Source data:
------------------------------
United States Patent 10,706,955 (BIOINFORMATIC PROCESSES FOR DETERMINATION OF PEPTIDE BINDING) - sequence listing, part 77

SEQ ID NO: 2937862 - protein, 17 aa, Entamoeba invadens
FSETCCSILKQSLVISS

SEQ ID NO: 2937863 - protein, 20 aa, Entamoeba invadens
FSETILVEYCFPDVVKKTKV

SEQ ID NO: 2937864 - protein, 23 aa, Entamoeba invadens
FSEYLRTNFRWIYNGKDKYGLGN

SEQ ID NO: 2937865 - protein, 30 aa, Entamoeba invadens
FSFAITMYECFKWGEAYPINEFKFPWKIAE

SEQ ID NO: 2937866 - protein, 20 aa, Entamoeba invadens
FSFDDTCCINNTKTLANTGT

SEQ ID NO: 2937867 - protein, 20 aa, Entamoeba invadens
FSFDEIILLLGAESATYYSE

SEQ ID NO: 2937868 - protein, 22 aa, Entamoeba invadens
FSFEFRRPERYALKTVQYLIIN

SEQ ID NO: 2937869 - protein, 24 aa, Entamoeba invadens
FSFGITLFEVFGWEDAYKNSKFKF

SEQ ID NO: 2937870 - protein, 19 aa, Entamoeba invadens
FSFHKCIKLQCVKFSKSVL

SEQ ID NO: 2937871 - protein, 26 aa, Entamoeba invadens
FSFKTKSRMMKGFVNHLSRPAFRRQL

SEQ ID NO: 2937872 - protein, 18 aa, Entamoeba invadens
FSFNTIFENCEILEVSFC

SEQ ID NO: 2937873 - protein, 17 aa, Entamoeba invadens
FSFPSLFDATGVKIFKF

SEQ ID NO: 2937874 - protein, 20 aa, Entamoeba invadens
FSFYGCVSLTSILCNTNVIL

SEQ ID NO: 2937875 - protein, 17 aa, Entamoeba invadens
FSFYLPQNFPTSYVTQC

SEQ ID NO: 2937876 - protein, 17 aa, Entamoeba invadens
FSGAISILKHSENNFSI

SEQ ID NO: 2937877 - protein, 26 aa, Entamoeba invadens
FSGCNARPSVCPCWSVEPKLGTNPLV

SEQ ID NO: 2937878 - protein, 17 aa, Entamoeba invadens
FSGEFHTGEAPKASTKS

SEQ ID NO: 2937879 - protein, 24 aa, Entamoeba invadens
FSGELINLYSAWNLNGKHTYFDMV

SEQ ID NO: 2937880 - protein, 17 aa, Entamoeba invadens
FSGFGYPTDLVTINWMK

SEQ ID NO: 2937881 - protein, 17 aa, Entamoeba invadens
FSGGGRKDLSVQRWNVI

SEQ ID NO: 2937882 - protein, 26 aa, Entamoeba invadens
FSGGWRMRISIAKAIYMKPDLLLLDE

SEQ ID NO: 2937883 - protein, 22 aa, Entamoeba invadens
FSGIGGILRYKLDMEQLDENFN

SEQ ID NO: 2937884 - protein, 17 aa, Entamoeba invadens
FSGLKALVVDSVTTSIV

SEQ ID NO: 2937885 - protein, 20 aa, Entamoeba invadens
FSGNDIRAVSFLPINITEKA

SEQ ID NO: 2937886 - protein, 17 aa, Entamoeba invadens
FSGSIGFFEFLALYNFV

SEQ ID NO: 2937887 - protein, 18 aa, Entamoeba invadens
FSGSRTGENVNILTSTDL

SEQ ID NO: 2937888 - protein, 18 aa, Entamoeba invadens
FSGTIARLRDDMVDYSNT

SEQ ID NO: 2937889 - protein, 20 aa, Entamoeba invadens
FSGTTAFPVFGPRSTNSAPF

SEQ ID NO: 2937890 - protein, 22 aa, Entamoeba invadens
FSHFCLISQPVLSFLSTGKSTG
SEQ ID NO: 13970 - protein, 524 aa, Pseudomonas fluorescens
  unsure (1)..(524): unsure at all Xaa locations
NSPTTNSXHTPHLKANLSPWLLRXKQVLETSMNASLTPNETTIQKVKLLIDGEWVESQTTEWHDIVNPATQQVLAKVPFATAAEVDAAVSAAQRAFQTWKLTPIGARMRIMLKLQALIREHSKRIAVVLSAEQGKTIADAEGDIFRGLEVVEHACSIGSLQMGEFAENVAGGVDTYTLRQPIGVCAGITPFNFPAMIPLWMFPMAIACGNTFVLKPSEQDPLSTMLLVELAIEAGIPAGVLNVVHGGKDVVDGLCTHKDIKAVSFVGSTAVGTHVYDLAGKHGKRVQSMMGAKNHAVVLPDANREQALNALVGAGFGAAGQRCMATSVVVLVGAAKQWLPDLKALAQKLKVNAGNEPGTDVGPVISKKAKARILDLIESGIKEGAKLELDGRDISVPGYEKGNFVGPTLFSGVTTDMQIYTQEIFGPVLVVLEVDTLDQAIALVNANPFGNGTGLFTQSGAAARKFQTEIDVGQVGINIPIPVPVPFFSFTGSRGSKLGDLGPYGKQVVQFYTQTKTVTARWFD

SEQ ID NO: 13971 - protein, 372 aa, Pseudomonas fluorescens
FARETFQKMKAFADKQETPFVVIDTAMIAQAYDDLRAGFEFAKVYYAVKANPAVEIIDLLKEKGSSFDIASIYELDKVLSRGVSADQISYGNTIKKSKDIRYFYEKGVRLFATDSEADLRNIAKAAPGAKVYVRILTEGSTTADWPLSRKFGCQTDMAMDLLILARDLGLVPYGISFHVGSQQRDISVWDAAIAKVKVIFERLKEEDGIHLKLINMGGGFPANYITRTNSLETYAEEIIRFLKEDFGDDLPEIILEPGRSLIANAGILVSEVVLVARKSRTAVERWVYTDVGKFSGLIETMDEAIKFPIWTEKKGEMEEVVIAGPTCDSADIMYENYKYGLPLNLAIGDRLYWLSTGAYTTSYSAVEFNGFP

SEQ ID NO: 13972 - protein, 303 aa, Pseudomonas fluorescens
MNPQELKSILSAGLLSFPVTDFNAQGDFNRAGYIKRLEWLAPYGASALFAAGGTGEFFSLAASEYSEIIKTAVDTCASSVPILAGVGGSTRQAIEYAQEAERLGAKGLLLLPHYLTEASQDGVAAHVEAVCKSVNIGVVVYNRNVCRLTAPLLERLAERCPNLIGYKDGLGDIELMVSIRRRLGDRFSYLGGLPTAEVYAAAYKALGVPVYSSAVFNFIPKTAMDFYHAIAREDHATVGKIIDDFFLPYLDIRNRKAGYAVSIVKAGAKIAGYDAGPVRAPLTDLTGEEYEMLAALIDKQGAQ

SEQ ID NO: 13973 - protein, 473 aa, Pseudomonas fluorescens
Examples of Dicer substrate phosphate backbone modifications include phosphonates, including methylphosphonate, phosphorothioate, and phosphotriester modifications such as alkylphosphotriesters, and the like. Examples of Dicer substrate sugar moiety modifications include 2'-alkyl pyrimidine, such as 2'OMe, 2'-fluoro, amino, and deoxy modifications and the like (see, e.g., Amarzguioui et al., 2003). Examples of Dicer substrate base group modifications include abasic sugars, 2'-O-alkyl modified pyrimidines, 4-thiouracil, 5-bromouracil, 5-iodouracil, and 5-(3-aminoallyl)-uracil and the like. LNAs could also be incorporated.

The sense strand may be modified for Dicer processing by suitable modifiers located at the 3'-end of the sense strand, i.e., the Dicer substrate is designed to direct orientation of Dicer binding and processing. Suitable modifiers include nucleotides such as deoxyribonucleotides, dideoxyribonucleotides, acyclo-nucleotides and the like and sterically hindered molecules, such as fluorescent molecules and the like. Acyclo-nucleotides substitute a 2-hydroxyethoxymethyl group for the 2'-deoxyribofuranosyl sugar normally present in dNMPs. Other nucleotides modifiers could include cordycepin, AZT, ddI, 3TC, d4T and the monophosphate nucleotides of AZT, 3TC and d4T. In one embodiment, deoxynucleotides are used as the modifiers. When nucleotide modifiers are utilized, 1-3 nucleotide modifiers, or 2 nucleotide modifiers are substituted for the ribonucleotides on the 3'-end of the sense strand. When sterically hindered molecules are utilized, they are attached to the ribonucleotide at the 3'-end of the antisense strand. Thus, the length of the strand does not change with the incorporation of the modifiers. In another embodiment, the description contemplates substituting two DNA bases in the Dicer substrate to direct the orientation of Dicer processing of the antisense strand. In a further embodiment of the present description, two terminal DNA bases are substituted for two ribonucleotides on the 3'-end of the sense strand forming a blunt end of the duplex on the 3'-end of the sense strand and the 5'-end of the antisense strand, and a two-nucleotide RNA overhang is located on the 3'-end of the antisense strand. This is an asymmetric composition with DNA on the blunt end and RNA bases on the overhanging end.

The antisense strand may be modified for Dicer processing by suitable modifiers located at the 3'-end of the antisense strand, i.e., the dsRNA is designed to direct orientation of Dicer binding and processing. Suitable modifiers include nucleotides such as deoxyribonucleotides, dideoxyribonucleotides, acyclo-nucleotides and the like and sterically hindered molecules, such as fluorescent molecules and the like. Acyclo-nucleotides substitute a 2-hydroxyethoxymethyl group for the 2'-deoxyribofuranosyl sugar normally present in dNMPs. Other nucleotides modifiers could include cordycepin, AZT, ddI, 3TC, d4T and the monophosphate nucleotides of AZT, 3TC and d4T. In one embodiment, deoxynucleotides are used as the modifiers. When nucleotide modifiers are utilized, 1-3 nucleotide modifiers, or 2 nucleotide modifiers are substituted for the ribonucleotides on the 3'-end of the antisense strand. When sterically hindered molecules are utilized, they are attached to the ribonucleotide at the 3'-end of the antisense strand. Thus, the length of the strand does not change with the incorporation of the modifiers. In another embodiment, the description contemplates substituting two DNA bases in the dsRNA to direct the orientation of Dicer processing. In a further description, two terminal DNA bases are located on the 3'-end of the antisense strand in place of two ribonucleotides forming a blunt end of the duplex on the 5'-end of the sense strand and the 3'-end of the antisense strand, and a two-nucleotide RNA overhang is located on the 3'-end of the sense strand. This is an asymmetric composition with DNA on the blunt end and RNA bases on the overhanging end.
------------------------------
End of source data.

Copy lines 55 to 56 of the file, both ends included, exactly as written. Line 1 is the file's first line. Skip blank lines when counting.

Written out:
FSGTIARLRDDMVDYSNT

SEQ ID NO: 2937889 - protein, 20 aa, Entamoeba invadens